Ramazan YesergepovKazakhstan

Ramazan Yesergepov was the Chief Editor and founder of the Alma-Ata Info newspaper, a leading Kazakh investigative journalist and labor rights advocate. Yesergepov, who was trained as an engineer and enjoyed a successful business career prior to entering journalism, was wrongfully imprisoned by the Government of Kazakhstan in early 2009 on charges of collection and publication of state secrets. Kazakh authorities have repeatedly harassed Yesergepov due to his activity seeking to raise awareness of public corruption in Kazakhstan.

In January 2009, Kazakh security service (KNB) agents seized Yesergepov, a 54 year-old married father, from an Almaty hospital bed where he was being treated for hypertension. Yesergepov was charged with the collection and publication of state secrets in the Alma-Ata Info. In reality, Yesergepov received two documents in his home mailbox from an anonymous source exposing official corruption. Yesergepov then published the memo as part of an article entitled “Who Rules the Country: the President or the Kazakh National Security Committee?” asserting that a regional KNB official had sought to influence a local prosecutor and judge in a criminal tax evasion case involving a local distillery.

Kazakh authorities did not permit Yesergepov’s chosen counsel to represent. While entering his trial on August 8, 2009, which was closed to outside observers including family members, Yesergepov offered hope to supporters and family members, shouting “We shall overcome corruption!”

At the conclusion of the closed proceedings, at which Freedom Now believes Yesergepov was denied basic due process rights such as the opportunity to confront evidence against him, the journalist was sentenced to three years’ imprisonment and an additional two years suspension from journalism. The Alma-Ata Info has since been shut down by Kazakh authorities, a fate that has been suffered by numerous other media outlets in the country.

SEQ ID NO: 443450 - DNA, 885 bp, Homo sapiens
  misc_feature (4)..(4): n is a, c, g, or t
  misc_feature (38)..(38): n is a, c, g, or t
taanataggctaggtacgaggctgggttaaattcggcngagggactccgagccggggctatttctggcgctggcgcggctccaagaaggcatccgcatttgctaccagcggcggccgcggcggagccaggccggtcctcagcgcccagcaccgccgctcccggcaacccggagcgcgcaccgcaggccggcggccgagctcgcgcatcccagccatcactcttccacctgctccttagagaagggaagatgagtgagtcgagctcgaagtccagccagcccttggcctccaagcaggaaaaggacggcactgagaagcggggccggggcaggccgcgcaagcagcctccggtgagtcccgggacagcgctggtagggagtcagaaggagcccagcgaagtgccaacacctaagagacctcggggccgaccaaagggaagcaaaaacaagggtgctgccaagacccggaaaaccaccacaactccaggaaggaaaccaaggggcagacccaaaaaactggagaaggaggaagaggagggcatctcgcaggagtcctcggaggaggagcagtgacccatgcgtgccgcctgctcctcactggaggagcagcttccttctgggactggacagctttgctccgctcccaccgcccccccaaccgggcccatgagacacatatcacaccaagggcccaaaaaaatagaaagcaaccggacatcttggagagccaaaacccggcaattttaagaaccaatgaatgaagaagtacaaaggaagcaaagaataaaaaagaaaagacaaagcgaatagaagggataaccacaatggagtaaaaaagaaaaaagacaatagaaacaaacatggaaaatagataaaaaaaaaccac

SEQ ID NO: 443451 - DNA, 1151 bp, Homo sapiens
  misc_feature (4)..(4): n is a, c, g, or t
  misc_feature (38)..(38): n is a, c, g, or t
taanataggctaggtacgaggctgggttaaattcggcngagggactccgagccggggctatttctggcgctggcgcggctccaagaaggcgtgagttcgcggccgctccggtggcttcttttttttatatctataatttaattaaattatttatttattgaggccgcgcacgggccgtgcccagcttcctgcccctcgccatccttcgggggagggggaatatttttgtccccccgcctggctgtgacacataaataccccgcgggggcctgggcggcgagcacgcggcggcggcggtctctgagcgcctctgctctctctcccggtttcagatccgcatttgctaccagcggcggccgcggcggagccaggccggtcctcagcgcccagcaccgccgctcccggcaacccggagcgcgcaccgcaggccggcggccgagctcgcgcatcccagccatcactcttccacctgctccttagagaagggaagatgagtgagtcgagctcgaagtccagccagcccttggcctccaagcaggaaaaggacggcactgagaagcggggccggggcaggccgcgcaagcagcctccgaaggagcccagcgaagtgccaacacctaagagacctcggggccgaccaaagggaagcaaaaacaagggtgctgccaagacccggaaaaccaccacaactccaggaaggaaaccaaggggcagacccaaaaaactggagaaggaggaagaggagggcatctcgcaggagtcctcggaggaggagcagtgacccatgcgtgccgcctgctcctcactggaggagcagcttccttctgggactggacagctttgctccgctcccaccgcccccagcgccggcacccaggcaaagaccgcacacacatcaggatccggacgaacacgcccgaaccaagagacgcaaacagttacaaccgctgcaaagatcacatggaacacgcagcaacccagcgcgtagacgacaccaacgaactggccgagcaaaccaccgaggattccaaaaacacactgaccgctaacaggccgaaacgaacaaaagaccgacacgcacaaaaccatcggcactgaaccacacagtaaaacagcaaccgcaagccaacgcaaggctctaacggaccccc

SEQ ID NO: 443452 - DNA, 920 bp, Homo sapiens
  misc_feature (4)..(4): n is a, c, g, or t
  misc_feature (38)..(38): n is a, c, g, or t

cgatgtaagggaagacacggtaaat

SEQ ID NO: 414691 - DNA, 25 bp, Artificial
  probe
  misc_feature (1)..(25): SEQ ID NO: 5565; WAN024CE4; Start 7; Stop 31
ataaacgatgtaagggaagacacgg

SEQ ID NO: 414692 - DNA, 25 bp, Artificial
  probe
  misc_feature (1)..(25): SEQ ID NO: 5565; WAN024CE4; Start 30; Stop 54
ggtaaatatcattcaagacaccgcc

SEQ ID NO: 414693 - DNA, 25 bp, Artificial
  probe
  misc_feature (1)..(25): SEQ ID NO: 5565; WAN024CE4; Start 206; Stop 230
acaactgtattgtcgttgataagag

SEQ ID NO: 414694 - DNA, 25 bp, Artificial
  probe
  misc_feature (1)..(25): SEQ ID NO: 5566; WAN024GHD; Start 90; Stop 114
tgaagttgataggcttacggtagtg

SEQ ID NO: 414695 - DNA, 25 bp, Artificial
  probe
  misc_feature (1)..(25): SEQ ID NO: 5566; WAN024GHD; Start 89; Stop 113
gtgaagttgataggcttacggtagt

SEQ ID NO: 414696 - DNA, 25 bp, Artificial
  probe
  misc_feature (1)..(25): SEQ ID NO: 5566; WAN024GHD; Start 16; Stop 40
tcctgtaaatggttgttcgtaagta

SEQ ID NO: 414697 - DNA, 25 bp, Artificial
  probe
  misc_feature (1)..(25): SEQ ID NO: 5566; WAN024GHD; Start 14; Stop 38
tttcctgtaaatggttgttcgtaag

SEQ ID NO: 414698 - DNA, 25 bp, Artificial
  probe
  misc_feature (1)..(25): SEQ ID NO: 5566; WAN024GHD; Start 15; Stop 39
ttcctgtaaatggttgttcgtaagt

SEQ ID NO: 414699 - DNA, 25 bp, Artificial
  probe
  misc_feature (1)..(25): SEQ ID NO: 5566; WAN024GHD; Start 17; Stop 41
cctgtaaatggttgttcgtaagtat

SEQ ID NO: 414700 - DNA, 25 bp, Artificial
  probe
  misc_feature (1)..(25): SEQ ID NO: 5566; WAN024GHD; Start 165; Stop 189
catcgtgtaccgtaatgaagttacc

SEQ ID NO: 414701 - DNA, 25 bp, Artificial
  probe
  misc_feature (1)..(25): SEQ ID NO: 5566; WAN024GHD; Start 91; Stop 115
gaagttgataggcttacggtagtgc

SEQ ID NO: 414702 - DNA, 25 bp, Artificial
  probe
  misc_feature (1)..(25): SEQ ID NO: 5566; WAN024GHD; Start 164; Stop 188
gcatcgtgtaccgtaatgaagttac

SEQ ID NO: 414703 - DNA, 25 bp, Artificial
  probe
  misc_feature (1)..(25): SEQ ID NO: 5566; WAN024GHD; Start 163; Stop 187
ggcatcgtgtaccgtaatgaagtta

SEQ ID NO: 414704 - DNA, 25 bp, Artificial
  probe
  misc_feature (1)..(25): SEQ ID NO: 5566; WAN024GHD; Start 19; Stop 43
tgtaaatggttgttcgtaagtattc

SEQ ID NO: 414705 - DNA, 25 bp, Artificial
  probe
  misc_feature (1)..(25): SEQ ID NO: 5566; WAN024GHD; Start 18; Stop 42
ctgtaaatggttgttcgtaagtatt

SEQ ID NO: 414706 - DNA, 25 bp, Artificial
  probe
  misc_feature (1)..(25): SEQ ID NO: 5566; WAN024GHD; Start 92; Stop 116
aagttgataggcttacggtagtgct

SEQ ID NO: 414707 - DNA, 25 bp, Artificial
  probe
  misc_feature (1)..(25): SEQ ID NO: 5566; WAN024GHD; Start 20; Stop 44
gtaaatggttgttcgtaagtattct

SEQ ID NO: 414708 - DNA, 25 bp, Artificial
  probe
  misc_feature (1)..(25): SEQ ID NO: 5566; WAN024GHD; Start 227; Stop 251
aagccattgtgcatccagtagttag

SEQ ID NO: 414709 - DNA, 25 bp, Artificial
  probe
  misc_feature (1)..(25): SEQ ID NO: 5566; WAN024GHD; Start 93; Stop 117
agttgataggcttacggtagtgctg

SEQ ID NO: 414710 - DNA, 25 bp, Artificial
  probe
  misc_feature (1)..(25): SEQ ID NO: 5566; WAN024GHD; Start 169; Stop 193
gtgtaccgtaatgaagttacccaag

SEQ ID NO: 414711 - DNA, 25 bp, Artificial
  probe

Freedom Now has serious concerns that Yesergepov was also denied basic medical treatment during the first 11 months of his detention and, despite his history of hypertension, he was denied transfer to a different facility where he could receive more adequate medical attention.  The government repeatedly denied his requests for early release, permitted under Kazakh law. Yesergepov’s efforts to appeal his sentence, have also been hampered by the Kazakh Government.

Eurasianet published op-eds authored by Freedom Now calling on OSCE member states to raise the case of Yesergepov and other political prisoners in Central Asia.

On January 6, 2012, the Government of Kazakhstan released  Yesergepov after the completion of his prison sentence. However, even after his release he is subject to the two year prohibition from working as a journalist.

Selected documents from Ramazan Yesergepov's case
Freedom Now Press Release January 6, 2012

Announcing the release of Mr. Yesergepov.

Kazakhstan: Central Asian States Should Fulfill OSCE-Mandated Rights CommitmentsDecember 1, 2010

EurasiaNet Op-Ed by Maran Turner calling on OSCE member states to address human rights in Central Asia.

OSCE Meeting Highlights Plight of Imprisoned JournalistsJune 7, 2011

EurasiaNet.org op-ed by Freedom Now program attorneys Patrick Griffith and Sachi Jensen calling on the OSCE to raise the cases of imprisoned journalists Annakurban Amanklychev, Sapardurdy Khadzhiev, and Ramazan Yesergepov.

Supplemental Memorandum of LawMarch 14, 2011

Prepared by Freedom Now and submitted to the UN Human Rights Committee on behalf of Ramazan Yesergepov.